watching them, but the journey into a enchanting world of fashion and
feminine allure were my inspiration for my creativity,” says Pollock.
Actresses such as Greta Garbo, Ginger Rogers, Katherine Hepburn, and
Grace Kelly were some of her initial muses. Their dresses were always
extremely glamorous and the shoes would take second fiddle. This lead
Pollock to ask the question; “Why should the dress get all the
attention?!” At the age of 14 she started creating shoes that took
center stage.
Since then, Pollock has combined her passions for art, cars, fashion,
and shoes into her dream job as a shoe designer. She started Art for
the Sole Shoes two years ago and has slowly expanded and developed her
brand image. Each year she creates two collections: spring/summer and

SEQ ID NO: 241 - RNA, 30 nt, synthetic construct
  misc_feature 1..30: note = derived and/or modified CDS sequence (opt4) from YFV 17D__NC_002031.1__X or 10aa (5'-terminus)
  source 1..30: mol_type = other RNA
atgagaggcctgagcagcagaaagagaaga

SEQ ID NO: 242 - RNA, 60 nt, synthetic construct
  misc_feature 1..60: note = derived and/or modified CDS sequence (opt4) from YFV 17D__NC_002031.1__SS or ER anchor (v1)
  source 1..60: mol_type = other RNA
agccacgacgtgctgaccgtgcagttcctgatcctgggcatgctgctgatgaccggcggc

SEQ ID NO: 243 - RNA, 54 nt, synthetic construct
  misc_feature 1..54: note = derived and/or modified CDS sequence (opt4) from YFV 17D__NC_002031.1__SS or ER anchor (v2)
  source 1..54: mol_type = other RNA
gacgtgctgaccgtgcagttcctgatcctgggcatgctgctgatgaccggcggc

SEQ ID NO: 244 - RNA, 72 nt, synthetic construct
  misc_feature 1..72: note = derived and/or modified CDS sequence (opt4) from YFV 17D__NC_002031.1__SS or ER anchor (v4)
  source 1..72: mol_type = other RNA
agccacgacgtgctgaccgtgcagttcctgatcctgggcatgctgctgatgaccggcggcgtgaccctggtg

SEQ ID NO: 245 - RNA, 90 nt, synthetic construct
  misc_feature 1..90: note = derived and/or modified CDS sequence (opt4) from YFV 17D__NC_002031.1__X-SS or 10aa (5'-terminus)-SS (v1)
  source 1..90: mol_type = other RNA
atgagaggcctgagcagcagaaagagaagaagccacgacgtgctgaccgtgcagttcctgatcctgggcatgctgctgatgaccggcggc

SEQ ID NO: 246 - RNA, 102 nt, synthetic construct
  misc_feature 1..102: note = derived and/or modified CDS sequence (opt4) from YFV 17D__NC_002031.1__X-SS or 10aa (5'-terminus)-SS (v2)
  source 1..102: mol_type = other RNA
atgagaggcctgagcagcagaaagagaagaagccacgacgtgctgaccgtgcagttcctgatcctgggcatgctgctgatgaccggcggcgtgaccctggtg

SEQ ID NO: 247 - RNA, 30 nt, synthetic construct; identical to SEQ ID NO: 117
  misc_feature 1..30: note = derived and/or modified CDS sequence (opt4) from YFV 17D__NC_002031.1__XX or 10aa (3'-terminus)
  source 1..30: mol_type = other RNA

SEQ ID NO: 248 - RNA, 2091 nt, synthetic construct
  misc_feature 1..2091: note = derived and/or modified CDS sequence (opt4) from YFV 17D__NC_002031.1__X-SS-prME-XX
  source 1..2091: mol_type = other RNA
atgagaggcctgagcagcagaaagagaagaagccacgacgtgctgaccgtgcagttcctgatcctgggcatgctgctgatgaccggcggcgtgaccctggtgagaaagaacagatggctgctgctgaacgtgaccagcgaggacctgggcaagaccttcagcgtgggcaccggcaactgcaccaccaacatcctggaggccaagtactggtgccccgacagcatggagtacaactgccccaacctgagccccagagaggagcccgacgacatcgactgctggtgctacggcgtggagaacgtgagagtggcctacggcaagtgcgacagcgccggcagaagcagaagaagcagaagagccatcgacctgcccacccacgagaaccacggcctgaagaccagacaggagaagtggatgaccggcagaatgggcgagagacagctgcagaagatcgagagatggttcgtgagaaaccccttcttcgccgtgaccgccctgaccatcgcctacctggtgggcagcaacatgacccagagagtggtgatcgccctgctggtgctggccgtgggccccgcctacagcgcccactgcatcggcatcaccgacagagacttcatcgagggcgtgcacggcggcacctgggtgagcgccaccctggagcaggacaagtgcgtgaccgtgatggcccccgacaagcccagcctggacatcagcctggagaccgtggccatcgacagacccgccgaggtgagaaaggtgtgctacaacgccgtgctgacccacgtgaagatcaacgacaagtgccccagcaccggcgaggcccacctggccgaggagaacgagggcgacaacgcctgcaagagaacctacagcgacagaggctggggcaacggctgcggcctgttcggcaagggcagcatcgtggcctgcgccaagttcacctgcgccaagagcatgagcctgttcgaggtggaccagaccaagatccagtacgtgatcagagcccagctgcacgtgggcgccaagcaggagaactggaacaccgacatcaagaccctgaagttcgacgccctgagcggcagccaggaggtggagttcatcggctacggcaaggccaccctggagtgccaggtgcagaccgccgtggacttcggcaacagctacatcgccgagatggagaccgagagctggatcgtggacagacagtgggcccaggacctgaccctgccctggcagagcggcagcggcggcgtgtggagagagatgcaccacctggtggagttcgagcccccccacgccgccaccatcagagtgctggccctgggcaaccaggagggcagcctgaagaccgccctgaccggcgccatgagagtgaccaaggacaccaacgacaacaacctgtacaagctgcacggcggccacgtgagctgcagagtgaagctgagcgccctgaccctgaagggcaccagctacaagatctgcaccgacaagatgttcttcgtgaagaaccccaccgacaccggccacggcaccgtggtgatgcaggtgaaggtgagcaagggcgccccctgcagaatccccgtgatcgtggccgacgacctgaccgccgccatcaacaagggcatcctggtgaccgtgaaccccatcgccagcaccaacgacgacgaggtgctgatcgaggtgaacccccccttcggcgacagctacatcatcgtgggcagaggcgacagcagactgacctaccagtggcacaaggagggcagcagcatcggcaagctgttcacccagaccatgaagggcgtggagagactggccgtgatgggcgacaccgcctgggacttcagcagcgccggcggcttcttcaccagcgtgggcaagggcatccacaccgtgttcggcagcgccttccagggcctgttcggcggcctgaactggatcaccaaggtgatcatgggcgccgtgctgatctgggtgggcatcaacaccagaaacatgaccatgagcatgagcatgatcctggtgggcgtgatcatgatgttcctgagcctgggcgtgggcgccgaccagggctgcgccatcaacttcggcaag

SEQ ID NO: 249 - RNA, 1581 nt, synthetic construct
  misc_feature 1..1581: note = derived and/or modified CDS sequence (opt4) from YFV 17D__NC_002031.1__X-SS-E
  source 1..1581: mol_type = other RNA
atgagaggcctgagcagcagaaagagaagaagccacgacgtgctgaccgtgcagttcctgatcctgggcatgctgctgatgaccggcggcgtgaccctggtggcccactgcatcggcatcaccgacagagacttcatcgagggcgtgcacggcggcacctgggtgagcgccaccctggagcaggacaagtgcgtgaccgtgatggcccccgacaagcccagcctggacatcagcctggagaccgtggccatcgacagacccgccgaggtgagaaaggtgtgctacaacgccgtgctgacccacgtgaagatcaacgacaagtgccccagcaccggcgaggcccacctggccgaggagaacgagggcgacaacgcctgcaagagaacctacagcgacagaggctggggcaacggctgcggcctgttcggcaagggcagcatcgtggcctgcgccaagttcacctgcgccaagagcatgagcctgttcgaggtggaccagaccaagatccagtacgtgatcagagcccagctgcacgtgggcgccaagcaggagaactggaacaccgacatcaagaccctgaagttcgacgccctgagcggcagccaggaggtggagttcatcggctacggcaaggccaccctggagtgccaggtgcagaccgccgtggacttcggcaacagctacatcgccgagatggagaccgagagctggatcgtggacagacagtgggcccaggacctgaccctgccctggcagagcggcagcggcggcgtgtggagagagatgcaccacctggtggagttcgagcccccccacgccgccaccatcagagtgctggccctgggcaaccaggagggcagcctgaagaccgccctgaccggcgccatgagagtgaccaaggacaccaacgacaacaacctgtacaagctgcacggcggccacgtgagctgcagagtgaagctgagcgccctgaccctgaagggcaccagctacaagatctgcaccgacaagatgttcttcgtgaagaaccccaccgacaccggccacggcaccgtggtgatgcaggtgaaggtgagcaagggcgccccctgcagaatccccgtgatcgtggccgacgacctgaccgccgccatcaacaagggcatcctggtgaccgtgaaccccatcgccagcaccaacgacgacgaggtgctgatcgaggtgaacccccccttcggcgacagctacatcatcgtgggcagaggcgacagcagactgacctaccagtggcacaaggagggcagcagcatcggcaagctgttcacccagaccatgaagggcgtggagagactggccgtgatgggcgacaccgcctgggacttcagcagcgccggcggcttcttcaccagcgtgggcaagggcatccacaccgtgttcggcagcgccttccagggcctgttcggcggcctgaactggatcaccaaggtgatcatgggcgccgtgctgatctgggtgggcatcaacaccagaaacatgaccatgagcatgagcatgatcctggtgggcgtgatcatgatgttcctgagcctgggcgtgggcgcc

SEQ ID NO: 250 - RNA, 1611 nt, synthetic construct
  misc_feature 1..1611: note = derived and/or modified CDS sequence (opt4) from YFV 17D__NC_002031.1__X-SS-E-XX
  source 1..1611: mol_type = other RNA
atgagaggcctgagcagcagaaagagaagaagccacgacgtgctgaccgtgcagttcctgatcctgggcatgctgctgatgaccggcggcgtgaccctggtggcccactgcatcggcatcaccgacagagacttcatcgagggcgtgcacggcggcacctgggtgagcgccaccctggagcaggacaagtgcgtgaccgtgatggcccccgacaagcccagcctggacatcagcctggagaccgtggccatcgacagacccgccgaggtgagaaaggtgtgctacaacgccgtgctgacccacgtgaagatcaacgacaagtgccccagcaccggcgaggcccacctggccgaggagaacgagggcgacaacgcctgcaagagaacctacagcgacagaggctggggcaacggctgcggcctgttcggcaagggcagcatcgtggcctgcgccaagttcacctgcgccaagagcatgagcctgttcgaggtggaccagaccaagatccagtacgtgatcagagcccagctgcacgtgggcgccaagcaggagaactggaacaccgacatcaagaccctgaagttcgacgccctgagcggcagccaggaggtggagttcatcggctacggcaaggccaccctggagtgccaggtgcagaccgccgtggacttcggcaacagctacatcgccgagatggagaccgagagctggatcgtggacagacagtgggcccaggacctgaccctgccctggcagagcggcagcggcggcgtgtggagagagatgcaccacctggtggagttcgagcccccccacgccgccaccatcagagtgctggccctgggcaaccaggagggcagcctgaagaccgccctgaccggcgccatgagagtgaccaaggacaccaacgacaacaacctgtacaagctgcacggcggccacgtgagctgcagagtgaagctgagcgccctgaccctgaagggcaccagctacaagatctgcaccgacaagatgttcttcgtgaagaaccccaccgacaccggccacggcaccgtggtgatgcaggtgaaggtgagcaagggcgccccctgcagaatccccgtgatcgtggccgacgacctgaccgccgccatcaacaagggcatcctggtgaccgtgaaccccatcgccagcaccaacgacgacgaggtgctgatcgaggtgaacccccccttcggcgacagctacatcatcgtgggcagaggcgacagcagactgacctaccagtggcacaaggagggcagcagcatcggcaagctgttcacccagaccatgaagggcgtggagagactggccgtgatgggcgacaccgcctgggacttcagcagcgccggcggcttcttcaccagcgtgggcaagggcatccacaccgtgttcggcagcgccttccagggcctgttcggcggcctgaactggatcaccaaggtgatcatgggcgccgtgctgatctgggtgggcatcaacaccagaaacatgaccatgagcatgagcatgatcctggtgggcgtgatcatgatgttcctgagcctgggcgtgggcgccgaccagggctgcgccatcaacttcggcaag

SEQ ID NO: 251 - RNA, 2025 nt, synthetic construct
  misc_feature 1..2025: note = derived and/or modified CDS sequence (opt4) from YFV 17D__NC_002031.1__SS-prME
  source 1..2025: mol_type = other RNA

fall/winter. The lines consist of 20-35 limited edition shoes priced
at $200 and up. She also creates one-of-a-kind exclusives for her
clients which start at a higher price tag, around $500.
Designing has not always been her career.  She entered the United
States Marine Corps directly out of high school. After the Marines,
she worked her way up the corporate ladder at Sam’s Club to become a
buyer. There, she obtained many of the business skills she now
utilizes as an entrepreneur, like business discipline and having an
eye for what the consumer wants.
Art for the Sole’s fall 2010 shoe line debuted at the Grand Traverse
Resort’s Fashion Bash in October and was featured at Swing Shift and
the Stars. To check out the line in person, it will be featured at the
Festival of Trees at the Hagerty Center on November 18-21.

Becky Thatcher: Jewelry Designer
Becky Thatcher Designs • Glen Arbor

Becky Thatcher is a jewelry designer and owner of Becky Thatcher
Designs based out of Glen Arbor. “When I came to Glen Arbor 28 years